In contrast to the factorial function, there is no trivial closed representation here. The simplest description is the recursive definition:
This recursive definition is cascaded. Using this definition, the third Fibonacci number is calculated as follows:
The calculation for is carried out several times here. This indicates that there is potential for optimization.
Recursive definition of a function and subtypes of recursion
Mathematical definition
( Note in advance: recursion methods and recursive definitions are not restricted to functions of natural numbers. Please refer to the generalized recursion scheme. )
The basic principle of the recursive definition of a function f is: The function value f ( n +1) of a function f : N _{0} → N _{0} results from the combination of already calculated values f ( n ), f ( n 1), ... If the function values of f are known for a sufficient number of starting arguments, each function value of f can be calculated. With a recursive definition of a function f , the function calls itself until a variable changed by calling the function has reached a specified target value or exceeded a limit value (termination, termination condition).
The definition of recursively defined functions is a fundamental procedure in functional programming . New functions are defined on the basis of some given functions (such as the sum function). With these further functions can be defined.
A special case of recursion is primitive recursion , which can always be replaced by an iteration . With such a recursion, the call tree does not contain any branches, that is, it is a call chain: this is always the case when a recursive function calls itself only once. The call can be made at the beginning ( head recursion , see Infinite Regress ) or at the end ( tail recursion or end recursion ) of the function. Conversely, each iteration can be replaced by a primitive recursion without changing the complexity of the algorithm.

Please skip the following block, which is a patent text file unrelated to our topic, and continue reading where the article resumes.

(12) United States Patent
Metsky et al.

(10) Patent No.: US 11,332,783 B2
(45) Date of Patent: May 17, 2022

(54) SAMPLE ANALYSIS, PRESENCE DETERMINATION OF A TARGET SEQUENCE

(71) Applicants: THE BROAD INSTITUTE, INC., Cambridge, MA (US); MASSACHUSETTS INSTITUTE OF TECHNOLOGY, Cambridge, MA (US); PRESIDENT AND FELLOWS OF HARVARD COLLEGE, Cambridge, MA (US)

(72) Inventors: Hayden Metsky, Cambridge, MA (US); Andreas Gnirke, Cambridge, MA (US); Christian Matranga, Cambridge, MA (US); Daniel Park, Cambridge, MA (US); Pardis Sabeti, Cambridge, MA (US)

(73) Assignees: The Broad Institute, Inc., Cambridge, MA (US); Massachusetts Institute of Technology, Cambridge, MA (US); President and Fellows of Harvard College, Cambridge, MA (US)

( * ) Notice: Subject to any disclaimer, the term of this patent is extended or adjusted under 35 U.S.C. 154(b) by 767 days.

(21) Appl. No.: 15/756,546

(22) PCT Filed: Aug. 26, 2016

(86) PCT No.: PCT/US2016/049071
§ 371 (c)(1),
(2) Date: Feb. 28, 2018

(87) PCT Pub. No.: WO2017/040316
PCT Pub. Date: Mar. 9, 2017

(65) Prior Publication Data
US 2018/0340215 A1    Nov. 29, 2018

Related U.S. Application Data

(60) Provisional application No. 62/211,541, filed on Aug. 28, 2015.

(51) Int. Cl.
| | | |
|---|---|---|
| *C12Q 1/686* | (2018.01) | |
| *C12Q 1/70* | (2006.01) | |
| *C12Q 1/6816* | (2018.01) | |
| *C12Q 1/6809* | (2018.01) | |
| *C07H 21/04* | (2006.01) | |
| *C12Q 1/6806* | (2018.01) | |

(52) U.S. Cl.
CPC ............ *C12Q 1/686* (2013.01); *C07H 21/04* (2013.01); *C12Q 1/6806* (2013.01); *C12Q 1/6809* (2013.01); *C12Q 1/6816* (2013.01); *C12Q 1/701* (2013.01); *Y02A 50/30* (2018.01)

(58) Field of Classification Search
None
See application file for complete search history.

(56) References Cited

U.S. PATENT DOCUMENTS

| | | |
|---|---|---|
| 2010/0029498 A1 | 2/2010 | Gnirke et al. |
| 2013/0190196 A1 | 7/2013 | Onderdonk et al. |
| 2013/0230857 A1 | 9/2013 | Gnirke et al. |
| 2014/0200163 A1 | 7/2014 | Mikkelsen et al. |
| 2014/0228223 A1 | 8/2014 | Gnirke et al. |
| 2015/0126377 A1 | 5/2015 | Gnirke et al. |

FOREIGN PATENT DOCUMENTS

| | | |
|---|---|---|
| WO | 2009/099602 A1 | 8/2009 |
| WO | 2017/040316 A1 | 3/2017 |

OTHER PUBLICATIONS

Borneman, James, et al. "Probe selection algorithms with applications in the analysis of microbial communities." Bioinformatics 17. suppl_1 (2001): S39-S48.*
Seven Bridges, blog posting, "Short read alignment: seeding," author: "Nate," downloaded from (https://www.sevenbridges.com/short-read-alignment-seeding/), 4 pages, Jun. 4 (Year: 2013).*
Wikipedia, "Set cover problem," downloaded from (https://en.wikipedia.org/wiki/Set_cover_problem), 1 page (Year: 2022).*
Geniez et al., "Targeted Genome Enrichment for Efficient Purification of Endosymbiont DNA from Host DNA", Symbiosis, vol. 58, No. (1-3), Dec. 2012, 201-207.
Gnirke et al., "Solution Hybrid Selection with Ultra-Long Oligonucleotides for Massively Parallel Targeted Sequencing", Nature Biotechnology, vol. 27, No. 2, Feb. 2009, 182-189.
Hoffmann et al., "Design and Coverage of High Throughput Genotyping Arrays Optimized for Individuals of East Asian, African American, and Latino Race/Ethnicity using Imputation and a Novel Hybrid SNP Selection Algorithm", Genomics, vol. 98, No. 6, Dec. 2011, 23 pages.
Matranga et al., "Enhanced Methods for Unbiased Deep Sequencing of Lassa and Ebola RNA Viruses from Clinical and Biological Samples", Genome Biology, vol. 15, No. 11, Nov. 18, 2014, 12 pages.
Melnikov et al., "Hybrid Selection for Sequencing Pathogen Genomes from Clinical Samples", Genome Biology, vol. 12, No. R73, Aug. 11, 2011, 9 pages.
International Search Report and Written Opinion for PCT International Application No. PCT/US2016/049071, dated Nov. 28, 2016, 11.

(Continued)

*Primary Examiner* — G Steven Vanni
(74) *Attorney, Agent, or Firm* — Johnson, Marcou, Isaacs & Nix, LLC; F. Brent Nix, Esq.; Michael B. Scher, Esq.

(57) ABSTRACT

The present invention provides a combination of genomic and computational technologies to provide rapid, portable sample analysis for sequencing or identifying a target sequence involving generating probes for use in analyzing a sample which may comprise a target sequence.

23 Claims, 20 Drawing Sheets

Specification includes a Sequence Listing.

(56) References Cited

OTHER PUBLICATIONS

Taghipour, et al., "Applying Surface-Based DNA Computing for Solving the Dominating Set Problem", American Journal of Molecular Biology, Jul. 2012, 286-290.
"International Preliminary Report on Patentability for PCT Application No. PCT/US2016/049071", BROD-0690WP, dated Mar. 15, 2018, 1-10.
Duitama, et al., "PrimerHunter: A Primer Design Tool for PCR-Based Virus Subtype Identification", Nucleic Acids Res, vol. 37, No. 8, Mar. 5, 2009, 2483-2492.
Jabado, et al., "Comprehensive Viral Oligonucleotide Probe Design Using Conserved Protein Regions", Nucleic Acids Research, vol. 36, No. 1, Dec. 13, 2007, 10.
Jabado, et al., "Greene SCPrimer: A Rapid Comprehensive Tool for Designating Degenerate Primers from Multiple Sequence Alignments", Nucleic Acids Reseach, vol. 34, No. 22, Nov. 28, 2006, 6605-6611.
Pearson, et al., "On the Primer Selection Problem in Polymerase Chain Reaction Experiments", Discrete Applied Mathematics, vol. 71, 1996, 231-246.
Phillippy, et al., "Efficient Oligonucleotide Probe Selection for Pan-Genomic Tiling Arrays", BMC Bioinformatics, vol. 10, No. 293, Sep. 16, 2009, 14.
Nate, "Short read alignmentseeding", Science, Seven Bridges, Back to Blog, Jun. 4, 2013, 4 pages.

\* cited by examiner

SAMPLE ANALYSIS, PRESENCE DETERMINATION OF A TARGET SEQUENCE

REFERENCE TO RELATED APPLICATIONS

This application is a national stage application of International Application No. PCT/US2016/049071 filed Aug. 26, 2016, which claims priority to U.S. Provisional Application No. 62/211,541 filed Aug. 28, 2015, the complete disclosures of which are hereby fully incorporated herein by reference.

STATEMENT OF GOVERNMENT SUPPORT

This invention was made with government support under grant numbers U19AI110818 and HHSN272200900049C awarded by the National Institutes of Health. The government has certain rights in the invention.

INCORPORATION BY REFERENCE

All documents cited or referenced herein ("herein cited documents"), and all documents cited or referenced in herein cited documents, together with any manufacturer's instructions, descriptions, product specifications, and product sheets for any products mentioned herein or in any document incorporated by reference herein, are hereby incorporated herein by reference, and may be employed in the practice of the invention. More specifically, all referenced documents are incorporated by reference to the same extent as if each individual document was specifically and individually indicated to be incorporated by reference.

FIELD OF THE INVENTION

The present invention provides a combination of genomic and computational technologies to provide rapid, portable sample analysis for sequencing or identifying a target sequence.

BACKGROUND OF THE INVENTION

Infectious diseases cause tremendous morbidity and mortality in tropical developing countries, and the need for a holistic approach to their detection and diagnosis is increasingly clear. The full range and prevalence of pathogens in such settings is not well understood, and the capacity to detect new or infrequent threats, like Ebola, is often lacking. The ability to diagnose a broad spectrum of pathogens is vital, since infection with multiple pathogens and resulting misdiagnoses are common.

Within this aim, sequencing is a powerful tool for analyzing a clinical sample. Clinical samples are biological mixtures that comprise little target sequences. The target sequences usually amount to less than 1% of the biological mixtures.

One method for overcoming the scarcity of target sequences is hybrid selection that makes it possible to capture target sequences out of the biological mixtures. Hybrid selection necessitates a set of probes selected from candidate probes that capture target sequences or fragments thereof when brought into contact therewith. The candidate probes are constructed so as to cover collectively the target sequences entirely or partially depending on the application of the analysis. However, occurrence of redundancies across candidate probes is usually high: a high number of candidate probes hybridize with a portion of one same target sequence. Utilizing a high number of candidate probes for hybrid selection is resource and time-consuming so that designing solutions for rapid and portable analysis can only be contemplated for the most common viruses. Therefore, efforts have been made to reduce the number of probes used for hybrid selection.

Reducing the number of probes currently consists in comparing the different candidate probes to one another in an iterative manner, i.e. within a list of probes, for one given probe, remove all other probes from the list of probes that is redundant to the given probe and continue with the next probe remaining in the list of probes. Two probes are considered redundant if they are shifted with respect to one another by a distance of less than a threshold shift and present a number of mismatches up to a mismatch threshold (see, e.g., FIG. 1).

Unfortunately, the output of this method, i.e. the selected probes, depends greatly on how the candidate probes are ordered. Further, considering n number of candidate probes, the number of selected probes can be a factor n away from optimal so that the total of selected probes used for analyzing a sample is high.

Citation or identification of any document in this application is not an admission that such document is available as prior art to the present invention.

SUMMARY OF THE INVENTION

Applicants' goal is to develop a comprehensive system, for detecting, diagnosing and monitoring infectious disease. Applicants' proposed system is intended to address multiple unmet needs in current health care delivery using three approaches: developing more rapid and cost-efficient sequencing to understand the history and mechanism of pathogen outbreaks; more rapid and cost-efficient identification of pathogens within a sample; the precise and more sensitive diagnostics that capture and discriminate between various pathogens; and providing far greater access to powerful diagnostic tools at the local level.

Forms of recursion
The most common form of recursion is linear recursion , in which, in each case of the recursive definition, at most one recursive call may occur. The calculation then runs along a chain of calls.
The primitive recursion is a special case of linear recursion. Here you define functions on the natural numbers, with the first parameter increasing or decreasing by one in each recursive call. Each primitiverecursive definition can be replaced by a loop (programming) (e.g. for loop or while loop ) with the help of a stack .
The terminal or repetitive recursion ( tail recursion or end recursion ) describes the special case of linear recursion, in which each recursive call is the last action of the recursive call. End recursions can be replaced directly by while loops and vice versa.
Under nested recursion is defined as a recursion, which occur in recursive calls in parameter expressions recursive calls. This form of recursion is extremely difficult to understand.
Cascading recursion describes the case in which several recursive calls are next to each other. The recursive calls then form a tree. Cascading recursion is considered elegant, but without further measures it can result in exponential calculation effort. It is often used as a starting point for deriving another, more efficient formulation.
The mutual recursion referred to the definition of several functions by mutual use of each other. It can be traced back to the usual recursion of a tuplevalued function.
Other uses: recursion in programming
Highlevel programming languages that work with functions usually also allow recursion. Most solutions can be solved recursively or iteratively , see Recursive Programming and Iterative Programming .
The source code of recursive programming is often more elegant than the iterative implementation, since no auxiliary variables and loop counters have to be defined. In terms of processing, iterative processes are usually more efficient and require less storage space. The reason is that the repeated function calls are placed on the stack with all of the temporarily stored values . In particular, the recursion can also cause a buffer overflow (stack overflow). When programming realtime systems on microcontrollers , recursion is therefore often avoided.